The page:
Community Justice Ayrshire in collaboration with Community Justice Scotland are hosting an event on Friday 16th February 2018.

This event has been well received and we have received over 270 expressions of interest for 150 delegate places. This is a pan-Ayrshire, multi-disciplinary conference. We have an excellent variety of experts lined up for the conference. Their biographies are listed below.

Karyn McCluskey

Karyn spent 21 years working with the police and helped establish the Scottish Violence Reduction Unit in 2005. She is a member of the WHO Violence Prevention Alliance and also helped set up the Medics Against Violence charity in Scotland, which speak to school children about violence reduction, injury and keeping safe.  She has also previously developed a plan to tackle violence for the Metropolitan Police and has published work on Armed Robbery teams, Alcohol and Violence Interventions in a clinical setting and Violence Reduction. In addition, Karyn is a Non-Executive Director at Scottish Professional Football League and a board member of Simon Community Scotland. Since late 2016 Karyn has been Chief Executive of Community Justice Scotland, where she leads a team who are dedicated to promoting new ways of working that can improve service delivery and create better outcomes for individuals and society.

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James Docherty

James is a Development Officer within the Violence Reduction Unit (VRU), establishing a Mentoring programme with Medics against Violence. In addition, James also has an Advisory role with Community Justice Scotland. James has previously worked on various VRU projects mentoring people with convictions seeking to re-create their lives and supporting change. Previously James worked with a leading Children’s charity diversion programme which worked with young people on the cusp of organised crime. He has campaigned fervently for awareness around ACEs and how they are the leading causes of the symptoms we see in our criminal justice system.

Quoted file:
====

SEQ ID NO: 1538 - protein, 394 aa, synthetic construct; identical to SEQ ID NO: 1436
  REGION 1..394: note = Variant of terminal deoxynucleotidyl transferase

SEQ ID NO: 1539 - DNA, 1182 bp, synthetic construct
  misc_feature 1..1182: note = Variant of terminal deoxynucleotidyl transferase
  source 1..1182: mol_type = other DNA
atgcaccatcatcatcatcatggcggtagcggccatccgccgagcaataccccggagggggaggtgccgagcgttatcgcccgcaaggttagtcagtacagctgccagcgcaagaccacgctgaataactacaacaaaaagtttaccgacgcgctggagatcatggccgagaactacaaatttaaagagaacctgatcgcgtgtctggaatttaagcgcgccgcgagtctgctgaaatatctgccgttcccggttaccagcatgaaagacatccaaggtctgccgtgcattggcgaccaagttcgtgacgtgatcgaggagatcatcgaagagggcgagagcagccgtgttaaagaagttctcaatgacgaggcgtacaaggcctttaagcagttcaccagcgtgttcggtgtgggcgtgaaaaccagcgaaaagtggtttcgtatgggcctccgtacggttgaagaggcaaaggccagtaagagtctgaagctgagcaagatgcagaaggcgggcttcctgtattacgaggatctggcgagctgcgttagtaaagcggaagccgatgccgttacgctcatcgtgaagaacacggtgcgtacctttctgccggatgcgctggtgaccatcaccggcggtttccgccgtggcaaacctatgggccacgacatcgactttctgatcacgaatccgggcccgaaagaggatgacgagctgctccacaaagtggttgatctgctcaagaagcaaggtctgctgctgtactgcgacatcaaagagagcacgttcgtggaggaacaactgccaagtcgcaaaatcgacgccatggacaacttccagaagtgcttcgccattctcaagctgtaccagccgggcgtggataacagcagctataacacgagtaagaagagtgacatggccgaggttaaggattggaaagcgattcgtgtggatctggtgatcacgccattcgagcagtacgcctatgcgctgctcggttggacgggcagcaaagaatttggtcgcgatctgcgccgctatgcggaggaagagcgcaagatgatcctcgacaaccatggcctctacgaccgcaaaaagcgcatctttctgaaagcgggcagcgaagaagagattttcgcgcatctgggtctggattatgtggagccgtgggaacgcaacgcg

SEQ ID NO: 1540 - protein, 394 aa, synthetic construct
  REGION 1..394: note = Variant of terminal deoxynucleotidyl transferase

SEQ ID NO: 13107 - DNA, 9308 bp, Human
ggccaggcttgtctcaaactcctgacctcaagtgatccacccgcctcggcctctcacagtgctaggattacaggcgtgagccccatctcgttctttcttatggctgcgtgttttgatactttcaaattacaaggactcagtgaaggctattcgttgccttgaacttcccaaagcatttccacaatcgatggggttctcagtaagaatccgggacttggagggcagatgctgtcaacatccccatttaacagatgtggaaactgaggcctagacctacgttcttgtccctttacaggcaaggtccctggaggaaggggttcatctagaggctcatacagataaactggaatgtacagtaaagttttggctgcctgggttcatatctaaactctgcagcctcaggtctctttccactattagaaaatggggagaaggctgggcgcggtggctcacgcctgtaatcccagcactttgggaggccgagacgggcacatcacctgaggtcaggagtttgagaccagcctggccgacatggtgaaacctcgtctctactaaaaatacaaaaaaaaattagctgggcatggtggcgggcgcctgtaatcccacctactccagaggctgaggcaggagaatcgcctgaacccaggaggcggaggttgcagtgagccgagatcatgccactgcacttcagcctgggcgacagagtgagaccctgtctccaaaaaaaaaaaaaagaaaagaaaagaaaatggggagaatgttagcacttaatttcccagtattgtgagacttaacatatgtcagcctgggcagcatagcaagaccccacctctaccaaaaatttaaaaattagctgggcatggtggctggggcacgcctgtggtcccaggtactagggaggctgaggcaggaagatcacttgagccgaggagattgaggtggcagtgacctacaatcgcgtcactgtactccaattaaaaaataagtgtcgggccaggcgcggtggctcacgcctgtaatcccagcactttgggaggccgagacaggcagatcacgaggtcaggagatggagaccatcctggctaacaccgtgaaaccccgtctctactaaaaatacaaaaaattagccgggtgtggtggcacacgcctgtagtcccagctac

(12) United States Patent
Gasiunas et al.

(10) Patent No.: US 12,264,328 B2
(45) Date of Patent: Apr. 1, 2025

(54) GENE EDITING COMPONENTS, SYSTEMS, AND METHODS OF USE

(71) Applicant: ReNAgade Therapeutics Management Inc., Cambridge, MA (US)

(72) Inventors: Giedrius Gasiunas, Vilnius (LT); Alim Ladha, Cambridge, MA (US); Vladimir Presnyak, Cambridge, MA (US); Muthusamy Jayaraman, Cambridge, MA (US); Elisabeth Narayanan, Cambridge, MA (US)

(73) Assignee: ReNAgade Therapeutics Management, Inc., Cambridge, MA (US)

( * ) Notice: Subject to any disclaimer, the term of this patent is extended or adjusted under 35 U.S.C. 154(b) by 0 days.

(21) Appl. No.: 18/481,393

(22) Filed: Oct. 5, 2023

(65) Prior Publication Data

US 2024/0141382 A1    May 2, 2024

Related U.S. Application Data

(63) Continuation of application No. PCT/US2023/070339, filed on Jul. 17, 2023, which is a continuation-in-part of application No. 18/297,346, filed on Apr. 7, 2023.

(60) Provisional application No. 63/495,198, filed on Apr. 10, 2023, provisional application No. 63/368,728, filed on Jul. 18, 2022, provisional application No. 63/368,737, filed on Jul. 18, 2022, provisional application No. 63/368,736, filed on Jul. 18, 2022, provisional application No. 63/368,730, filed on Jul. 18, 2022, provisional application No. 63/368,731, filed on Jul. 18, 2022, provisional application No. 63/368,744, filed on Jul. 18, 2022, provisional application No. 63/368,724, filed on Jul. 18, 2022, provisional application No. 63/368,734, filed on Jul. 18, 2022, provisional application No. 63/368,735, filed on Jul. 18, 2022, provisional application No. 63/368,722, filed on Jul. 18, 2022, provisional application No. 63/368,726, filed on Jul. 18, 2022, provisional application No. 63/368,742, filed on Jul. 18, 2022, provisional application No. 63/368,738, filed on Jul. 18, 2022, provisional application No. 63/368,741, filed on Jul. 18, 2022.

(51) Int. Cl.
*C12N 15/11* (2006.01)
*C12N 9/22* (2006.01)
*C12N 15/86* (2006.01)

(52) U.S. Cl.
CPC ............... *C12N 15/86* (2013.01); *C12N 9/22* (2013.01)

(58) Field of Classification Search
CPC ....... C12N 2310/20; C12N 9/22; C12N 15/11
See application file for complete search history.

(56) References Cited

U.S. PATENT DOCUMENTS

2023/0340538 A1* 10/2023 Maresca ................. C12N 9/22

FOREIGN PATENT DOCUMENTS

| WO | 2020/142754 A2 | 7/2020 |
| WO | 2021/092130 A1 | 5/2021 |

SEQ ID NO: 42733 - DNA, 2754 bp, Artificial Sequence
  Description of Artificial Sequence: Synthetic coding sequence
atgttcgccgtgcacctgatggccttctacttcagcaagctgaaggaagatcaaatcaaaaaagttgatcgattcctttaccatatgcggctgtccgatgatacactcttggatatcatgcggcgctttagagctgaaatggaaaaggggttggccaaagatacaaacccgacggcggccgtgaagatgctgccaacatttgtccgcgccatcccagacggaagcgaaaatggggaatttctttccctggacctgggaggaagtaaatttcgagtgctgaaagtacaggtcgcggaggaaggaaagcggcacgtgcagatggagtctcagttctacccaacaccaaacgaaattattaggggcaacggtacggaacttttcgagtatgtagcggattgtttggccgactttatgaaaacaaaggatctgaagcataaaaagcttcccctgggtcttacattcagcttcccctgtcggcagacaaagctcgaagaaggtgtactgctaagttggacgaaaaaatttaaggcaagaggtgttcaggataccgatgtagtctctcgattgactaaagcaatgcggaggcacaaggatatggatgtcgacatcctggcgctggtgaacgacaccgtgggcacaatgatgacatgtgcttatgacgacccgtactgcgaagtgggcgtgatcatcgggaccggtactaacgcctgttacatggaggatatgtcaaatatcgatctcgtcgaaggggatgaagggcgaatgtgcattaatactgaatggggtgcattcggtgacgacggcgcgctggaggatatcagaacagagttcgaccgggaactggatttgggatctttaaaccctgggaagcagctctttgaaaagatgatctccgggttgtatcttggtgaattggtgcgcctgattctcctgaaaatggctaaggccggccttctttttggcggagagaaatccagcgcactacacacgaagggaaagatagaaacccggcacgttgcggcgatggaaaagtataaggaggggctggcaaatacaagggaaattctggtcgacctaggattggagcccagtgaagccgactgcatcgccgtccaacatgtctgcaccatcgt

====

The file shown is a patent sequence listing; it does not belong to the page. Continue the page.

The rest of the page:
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Dr Suzanne Zeedyk

Dr Suzanne Zeedyk is a research scientist fascinated by babies’ inborn capacity to communicate. Since 1993, she has been based at the University of Dundee, within the School of Psychology. In 2011, she set up her own independent training enterprise to disseminate more widely the science of the early years. She now spends much of her time speaking to the public about our human need for emotional and physiological connection. Suzanne is able to bring to this her research expertise on topics including parent-infant relationships, family support, communicative disorders, and the socio-political contexts that frame our responses to scientific information. She works closely with organisations throughout the world to increase awareness of the decisions we take about caring for children, illuminating the way in which those decisions are integrally connected to our vision for the kind of society we wish to build.

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Dr Michael Smith

Dr Michael Smith (MD, FRCPsych) is Associate Medical Director for Mental Health & Addiction Services in NHS Greater Glasgow and Clyde, and a Visiting Professor at the Centre for Excellence for Looked After Children in Scotland (CELCIS) at the University of Strathclyde. He trained as a General Practitioner in Glasgow, and then as a Psychiatrist in the West of Scotland and Melbourne, Australia. He was a founding member of the “see me” campaign against stigma in Scotland and set up the award-winning ‘Doing Well’ depression programme in Renfrewshire. He worked with the Scottish Government’s Mental Health Collaborative from 2008-11 to rationalise the use of antidepressants in Scotland. His research interests are in depression, public mental health, and especially the influence of attachment and adverse childhood experiences. Michael is a founding member of the multi-agency Scottish Adverse Childhood Experiences Hub, hosted by NHS Health Scotland.